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Wattle (fold of skin in birds and lizards) hanging from a rooster’s neck.
A wattle (construction of woven branches) fence (bottom).
Wattles of a goat.
Acacia podalyriifolia, a wattle (Australian tree of the genus Acacia).


From Middle English wattel, watel, from Old English watel, watul (hurdle). Ultimately from Proto-Indo-European *wey- (to turn, wind, bend).



wattle (countable and uncountable, plural wattles)

  1. A construction of branches and twigs woven together to form a wall, barrier, fence, or roof.
    • (Can we date this quote by Tennyson and provide title, author's full name, and other details?)
      And there he built with wattles from the marsh / A little lonely church in days of yore.
  2. A single twig or rod laid on a roof to support the thatch.
  3. A wrinkled fold of skin, sometimes brightly coloured, hanging from the neck of birds (such as chicken and turkey) and some lizards.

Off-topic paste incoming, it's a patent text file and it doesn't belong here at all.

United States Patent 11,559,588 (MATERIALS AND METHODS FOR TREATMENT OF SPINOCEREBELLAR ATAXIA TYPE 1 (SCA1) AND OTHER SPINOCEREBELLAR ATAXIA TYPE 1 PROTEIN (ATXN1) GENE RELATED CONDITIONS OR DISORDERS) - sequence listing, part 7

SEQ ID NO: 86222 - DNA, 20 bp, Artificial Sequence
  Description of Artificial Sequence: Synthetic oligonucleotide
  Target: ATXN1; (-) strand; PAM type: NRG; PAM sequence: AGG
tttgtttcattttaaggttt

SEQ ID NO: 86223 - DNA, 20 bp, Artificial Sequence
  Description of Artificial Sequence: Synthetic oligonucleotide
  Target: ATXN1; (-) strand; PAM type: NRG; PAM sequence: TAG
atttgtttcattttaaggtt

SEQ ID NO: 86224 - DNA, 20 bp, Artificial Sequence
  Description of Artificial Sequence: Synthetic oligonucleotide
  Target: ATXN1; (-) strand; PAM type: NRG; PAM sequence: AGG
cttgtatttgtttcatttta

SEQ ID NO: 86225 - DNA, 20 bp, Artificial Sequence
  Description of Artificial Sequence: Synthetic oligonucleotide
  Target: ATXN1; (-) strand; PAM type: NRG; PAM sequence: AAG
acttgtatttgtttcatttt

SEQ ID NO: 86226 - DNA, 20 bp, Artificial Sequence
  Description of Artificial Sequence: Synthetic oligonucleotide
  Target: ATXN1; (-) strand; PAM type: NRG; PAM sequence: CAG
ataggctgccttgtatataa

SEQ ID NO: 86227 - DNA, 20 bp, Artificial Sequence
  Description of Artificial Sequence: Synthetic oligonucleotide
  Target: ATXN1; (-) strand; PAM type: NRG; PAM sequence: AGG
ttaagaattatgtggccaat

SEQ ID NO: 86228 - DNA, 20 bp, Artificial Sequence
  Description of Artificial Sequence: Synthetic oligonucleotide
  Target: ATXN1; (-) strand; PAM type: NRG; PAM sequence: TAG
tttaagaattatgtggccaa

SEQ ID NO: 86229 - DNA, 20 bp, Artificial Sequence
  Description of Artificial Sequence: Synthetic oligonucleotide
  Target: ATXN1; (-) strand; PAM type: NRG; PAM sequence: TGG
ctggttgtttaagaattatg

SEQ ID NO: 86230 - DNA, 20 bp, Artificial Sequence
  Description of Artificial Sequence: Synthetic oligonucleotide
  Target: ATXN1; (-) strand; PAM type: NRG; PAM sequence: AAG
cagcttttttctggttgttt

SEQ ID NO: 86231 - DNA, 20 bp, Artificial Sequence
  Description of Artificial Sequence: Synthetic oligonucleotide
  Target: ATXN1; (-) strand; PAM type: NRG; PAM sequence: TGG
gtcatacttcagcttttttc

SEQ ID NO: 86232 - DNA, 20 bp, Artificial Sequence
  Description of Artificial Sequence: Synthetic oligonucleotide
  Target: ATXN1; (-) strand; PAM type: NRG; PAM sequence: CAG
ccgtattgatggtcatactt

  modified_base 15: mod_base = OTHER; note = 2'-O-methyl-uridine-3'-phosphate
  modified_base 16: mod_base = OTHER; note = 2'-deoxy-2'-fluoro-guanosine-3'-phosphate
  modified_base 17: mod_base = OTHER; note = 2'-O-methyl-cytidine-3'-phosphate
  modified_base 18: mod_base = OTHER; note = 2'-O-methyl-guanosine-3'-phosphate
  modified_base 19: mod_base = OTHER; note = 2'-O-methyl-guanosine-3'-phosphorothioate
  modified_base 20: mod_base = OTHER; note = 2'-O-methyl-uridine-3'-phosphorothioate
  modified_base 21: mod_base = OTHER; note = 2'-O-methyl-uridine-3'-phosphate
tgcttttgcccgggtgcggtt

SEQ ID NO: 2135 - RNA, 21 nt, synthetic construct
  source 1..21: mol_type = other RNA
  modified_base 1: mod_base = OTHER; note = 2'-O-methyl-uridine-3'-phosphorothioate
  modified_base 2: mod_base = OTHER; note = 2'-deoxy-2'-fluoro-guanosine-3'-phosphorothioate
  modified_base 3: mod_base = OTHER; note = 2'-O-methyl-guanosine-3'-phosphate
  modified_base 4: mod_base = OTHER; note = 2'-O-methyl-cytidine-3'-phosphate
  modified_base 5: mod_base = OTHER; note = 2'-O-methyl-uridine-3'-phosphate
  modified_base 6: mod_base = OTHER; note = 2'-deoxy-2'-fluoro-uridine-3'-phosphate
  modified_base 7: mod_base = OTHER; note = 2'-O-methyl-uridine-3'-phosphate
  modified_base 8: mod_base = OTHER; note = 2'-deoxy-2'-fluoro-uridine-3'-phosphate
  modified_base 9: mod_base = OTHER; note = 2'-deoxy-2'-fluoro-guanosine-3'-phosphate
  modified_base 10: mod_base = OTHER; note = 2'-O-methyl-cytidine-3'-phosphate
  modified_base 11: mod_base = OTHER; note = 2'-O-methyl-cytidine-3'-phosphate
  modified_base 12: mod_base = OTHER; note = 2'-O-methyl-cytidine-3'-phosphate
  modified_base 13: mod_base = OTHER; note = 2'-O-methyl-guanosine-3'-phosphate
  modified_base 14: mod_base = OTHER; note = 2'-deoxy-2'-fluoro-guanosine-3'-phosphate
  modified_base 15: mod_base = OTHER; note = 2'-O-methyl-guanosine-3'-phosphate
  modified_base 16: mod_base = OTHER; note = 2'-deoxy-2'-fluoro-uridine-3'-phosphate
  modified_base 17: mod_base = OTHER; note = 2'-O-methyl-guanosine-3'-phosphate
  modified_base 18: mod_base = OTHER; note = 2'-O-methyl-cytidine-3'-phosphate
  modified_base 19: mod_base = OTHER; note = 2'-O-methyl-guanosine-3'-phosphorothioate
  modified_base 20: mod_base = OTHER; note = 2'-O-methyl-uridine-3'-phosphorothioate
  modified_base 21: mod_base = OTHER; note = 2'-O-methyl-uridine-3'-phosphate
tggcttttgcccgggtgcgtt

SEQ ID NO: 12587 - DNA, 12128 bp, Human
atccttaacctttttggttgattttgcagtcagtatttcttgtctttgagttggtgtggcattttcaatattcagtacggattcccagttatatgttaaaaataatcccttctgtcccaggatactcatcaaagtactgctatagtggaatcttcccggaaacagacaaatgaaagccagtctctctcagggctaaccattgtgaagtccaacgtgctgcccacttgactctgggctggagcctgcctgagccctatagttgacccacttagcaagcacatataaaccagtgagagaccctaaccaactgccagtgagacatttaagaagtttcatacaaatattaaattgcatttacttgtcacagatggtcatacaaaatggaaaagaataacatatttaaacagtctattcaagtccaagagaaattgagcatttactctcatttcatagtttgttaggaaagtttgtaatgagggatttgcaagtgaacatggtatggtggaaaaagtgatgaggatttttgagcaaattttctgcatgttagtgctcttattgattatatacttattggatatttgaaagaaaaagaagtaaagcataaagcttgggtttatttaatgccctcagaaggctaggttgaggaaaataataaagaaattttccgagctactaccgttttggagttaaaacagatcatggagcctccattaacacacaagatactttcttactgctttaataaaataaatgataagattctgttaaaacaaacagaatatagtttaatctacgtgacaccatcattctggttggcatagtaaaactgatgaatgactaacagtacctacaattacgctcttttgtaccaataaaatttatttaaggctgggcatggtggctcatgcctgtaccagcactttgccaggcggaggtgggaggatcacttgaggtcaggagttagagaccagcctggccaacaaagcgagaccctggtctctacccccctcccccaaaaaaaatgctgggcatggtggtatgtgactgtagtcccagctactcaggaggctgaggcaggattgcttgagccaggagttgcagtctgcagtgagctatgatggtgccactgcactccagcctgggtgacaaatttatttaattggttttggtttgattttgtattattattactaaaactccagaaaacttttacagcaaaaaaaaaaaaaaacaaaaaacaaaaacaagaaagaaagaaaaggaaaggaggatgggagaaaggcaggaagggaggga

4. A barbel of a fish.
  5. A decorative fleshy appendage on the neck of a goat.
  6. Loose hanging skin in the neck of a person.
  7. Any of several Australian trees and shrubs of the genus Acacia, or their bark, used in tanning.

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wattle (third-person singular simple present wattles, present participle wattling, simple past and past participle wattled)

  1. (transitive) To construct a wattle, or make a construction of wattles.
  2. (transitive) To bind with wattles or twigs.

Further reading[edit]